I love the idea of combining modern technology with natural textures. I keep my tablet in a case made from an old linen-covered notebook, and my sleek and shiny DSLR in a worn brown leather bag. So, I wanted to make a simple place to house my smartphone, while warming it up a bit. I went with the most natural thing I could think of: a big slab of forest tree. 

I like this design for a DIY wooden smartphone charging station because it fits the charging cable nicely, but it isn't stuck in place, so you can remove and use it elsewhere without the stand.

Enough talk! Let's make one!      

Continue Reading

04652

Jul 20, 2017

This Isn't the Only Way to Install a Screw Hook, but It Is the Best

Okay, friends. This is one of my all-time favorite DIY hacks. I learned it more than fifteen years ago from a book I got from the library, and committed it to memory. I only need it about once or twice a year, but it works every. single. time. I'm always super grateful to have it on hand, and so today, I'm sharing so you too can stop busting your hand and banging your knuckles every time you need to install a hook somewhere.   

Continue Reading

04649

Jul 19, 2017

How to Build a Modern Coffee Table from Scratch

Editor's Note: This project is an excerpt from the new book The Art and Craft of Wood: A Practical Guide to Harvesting, Choosing, Reclaiming, Preparing, Crafting, and Building with Raw Wood by Silas J Kyler and David Hildren. The book is available now at your favorite local bookstore, Powell's, or Amazon. Thanks to Quarry Books for sharing this project with us. 

Building furniture is what first drew me to woodworking. The first coffee table I ever made was for my mom. It was a surprise gift, and I worked tirelessly, hour upon hour, to create something I was proud of. I remember the unveiling well, and the joy it gave her was well worth all the hard work.

The projects to this point have been small and technically much easier than building a piece of fine furniture. Going from making a serving tray or lamp to a coffee table may feel like a big step, and in many ways it is, but practicing with small projects gives you all the skills you need to approach a simple piece of furniture. Remember: with a good dose of patience, you will be well on your way to creating beautiful furniture.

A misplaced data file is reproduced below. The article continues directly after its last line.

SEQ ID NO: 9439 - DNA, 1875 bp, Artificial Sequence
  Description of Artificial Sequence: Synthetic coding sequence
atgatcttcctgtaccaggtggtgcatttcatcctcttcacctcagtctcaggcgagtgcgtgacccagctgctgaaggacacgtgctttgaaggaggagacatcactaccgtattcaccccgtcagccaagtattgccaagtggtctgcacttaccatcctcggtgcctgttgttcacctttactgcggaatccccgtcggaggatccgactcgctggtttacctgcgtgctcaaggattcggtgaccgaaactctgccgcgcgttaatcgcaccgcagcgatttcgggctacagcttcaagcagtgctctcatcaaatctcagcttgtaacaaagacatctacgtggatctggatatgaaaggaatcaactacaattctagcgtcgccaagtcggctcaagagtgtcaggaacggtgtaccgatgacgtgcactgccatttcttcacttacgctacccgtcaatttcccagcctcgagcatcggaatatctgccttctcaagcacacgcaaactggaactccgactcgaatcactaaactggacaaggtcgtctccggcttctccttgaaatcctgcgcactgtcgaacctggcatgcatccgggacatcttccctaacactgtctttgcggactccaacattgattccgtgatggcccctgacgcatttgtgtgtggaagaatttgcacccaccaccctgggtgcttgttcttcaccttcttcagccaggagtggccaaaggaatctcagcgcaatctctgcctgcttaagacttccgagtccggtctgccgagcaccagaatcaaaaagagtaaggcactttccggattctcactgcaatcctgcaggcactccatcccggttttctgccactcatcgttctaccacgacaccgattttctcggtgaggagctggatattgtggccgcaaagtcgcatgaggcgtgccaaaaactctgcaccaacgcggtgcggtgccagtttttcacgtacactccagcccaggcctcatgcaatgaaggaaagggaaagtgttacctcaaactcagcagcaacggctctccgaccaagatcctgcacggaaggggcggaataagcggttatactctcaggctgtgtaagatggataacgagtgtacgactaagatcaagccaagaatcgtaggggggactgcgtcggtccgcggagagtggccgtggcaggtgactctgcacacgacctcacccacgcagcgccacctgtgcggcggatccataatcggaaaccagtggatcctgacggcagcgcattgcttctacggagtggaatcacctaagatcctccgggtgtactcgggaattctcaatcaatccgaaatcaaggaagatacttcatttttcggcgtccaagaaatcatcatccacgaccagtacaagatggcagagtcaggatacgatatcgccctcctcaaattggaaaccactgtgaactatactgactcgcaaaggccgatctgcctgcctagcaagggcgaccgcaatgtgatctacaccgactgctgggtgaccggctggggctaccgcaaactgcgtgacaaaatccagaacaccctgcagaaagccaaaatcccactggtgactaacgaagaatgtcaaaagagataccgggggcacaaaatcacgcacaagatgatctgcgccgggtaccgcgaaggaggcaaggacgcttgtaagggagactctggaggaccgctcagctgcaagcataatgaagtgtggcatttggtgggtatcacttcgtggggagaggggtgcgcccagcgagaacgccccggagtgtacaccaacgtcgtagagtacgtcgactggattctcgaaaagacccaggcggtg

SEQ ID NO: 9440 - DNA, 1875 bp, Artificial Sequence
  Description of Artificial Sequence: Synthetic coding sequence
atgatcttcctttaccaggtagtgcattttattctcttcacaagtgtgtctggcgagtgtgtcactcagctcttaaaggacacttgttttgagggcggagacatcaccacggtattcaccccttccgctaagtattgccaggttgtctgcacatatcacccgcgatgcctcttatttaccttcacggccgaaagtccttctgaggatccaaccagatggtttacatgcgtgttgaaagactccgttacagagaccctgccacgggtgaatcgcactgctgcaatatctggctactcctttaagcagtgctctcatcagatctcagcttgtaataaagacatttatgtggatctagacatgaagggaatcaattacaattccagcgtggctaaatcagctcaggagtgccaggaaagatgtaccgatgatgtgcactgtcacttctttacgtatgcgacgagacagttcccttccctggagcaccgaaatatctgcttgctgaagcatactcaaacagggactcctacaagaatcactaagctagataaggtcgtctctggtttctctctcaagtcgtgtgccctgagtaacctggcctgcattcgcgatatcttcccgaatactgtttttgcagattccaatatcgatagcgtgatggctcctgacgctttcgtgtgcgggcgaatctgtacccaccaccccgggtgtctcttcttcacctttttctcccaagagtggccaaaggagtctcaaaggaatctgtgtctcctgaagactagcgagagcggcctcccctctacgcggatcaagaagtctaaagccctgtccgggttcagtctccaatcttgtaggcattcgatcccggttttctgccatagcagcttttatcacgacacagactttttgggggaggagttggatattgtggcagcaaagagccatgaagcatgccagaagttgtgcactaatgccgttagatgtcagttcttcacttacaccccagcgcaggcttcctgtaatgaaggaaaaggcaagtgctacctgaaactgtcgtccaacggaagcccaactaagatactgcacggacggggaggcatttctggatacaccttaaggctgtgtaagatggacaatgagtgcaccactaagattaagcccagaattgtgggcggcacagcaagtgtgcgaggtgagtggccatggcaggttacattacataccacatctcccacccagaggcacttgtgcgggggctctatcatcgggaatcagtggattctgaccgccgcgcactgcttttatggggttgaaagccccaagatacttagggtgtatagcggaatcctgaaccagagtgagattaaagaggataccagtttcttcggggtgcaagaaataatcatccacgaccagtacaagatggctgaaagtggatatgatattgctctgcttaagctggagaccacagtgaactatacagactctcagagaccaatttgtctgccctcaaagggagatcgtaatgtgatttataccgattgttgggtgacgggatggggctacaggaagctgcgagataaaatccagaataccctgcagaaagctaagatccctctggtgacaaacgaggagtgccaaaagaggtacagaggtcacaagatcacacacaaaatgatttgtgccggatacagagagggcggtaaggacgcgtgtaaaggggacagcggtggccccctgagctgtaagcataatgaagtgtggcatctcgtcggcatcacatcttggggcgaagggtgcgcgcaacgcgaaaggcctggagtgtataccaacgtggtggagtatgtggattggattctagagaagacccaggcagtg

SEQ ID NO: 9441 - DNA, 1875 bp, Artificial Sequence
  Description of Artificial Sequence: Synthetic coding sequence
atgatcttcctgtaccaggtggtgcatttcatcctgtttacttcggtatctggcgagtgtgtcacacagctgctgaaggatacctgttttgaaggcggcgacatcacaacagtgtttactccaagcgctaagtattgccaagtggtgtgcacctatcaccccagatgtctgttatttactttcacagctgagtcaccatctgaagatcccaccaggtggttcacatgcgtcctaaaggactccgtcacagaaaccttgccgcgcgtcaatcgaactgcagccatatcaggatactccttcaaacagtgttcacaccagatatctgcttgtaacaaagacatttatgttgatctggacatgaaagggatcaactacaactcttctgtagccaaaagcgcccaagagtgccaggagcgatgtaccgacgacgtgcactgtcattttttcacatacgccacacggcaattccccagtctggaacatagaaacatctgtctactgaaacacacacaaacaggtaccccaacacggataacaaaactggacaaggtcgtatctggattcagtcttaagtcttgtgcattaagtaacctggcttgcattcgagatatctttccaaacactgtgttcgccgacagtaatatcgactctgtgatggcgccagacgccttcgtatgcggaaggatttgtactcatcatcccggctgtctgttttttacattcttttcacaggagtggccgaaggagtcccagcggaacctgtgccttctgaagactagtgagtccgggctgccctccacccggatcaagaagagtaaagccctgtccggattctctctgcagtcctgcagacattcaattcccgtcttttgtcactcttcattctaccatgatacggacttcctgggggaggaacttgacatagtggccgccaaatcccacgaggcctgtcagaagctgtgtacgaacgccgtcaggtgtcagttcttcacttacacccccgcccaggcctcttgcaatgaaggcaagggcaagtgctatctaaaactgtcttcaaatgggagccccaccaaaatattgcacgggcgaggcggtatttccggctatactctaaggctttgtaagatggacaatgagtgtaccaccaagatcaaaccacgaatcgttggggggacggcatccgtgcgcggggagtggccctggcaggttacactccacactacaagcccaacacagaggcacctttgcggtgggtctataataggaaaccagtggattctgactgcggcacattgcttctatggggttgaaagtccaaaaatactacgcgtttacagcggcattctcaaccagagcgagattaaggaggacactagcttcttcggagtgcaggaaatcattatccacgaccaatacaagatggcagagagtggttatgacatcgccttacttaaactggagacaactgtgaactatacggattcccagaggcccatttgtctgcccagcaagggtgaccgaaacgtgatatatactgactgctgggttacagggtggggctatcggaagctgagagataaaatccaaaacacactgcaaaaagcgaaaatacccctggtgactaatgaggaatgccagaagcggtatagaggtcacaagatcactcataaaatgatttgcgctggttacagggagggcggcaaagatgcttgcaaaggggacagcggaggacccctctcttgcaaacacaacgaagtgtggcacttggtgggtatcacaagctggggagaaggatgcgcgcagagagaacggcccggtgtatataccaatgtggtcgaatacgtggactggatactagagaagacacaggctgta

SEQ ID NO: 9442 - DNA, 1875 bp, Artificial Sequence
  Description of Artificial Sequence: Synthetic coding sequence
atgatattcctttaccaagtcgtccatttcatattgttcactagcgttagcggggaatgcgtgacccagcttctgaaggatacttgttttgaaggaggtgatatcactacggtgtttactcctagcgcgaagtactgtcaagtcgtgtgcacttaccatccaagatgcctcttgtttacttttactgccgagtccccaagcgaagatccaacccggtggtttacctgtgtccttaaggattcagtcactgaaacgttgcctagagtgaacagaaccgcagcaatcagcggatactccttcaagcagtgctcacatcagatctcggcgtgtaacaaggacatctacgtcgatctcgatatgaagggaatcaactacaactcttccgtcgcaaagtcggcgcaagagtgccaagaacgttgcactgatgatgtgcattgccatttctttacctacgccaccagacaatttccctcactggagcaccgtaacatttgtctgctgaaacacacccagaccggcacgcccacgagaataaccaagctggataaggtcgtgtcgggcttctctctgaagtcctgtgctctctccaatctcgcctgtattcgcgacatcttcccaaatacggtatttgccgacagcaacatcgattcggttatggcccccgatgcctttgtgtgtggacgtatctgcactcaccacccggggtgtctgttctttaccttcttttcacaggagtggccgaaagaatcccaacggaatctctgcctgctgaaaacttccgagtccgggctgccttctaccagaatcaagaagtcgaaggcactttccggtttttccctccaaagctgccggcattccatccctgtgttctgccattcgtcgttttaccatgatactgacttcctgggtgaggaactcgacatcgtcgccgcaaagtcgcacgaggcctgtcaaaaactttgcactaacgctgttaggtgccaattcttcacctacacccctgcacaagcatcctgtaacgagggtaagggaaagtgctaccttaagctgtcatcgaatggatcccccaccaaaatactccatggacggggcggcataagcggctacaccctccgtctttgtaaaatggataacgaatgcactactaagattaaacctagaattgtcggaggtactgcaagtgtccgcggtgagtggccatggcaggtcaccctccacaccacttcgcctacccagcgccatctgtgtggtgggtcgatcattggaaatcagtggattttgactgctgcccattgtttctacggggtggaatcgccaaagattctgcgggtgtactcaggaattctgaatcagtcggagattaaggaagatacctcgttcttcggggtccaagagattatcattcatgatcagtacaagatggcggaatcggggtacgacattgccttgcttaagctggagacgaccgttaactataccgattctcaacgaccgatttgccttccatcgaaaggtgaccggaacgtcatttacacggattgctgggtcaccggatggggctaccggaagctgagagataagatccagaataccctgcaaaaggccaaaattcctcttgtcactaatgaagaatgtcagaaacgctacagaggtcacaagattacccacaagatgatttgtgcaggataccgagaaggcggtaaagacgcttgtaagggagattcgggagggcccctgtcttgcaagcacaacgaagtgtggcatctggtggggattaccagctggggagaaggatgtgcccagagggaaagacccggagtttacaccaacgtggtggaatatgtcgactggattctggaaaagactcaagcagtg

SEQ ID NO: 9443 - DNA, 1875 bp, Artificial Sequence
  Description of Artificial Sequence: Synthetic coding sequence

I had a particular set of mesquite slabs in mind when envisioning this coffee table. The tree came from my neighbor’s front yard. When it was removed, they simply asked the crew to leave the trunk behind for me to gather. As I was giving this tree a new life, I could step outside my shop, look across the alley, and see where it lived and died. I could also see where the logs sat and seasoned for two years, driving my wife crazy.    

Continue Reading

04666

Jul 17, 2017

DIY Fail: Why You Should NOT Make Your Own Fire Starters from Coconut Oil

I guess the real problem with this project is that it actually worked.

I mean — I succeeded in what I set out to do. I created two DIY variations on an easy-lighting, long-burning fire and grill starter using coconut oil. Coconut oil, which is solid at room temperature. Coconut oil, which is about the same price as beeswax and much easier to find. Coconut oil, which can easily be melted in the microwave, so you avoid having to use a double boiler and scraping wax out of your mixing bowl. Coconut oil, which smells awesome and burns forever.    

Continue Reading

04658

Jul 16, 2017

How to Make the World's Easiest Clamp Rack

A functioning clamp rack. Every shop's gotta have one. "But, wait!" You say. "Isn't the easiest way to hold clamps just some 2x4s bolted to the walls, and maybe some holes and plumbing pipe inserted to hang the clamps on?" Yeah, perhaps. But, while that works if you have a ton of space, it's not the most efficient way to store clamps in a small shop. And I think of that as more of a "clamp hanging spot" than a proper organization system. Plus, if you already know about that trick, you certainly don't need me to give you a how-to. 

Instead, I present this design: infinitely adaptable to any scale, and able to hold almost any type of clamp. You can build the whole thing with some scrap plywood, a jigsaw, and drill, and make one - no matter the size - in well under an hour.    

Continue Reading

03836

Jul 11, 2017

ManMade Essential Toolbox: In Praise of the High-Quality Screwdriver Set

created at: 08/26/2015

Let's be clear: none of us are here to discuss the basics of what a screwdriver is, or what it can do. Its purpose is clear. It's right there in the name.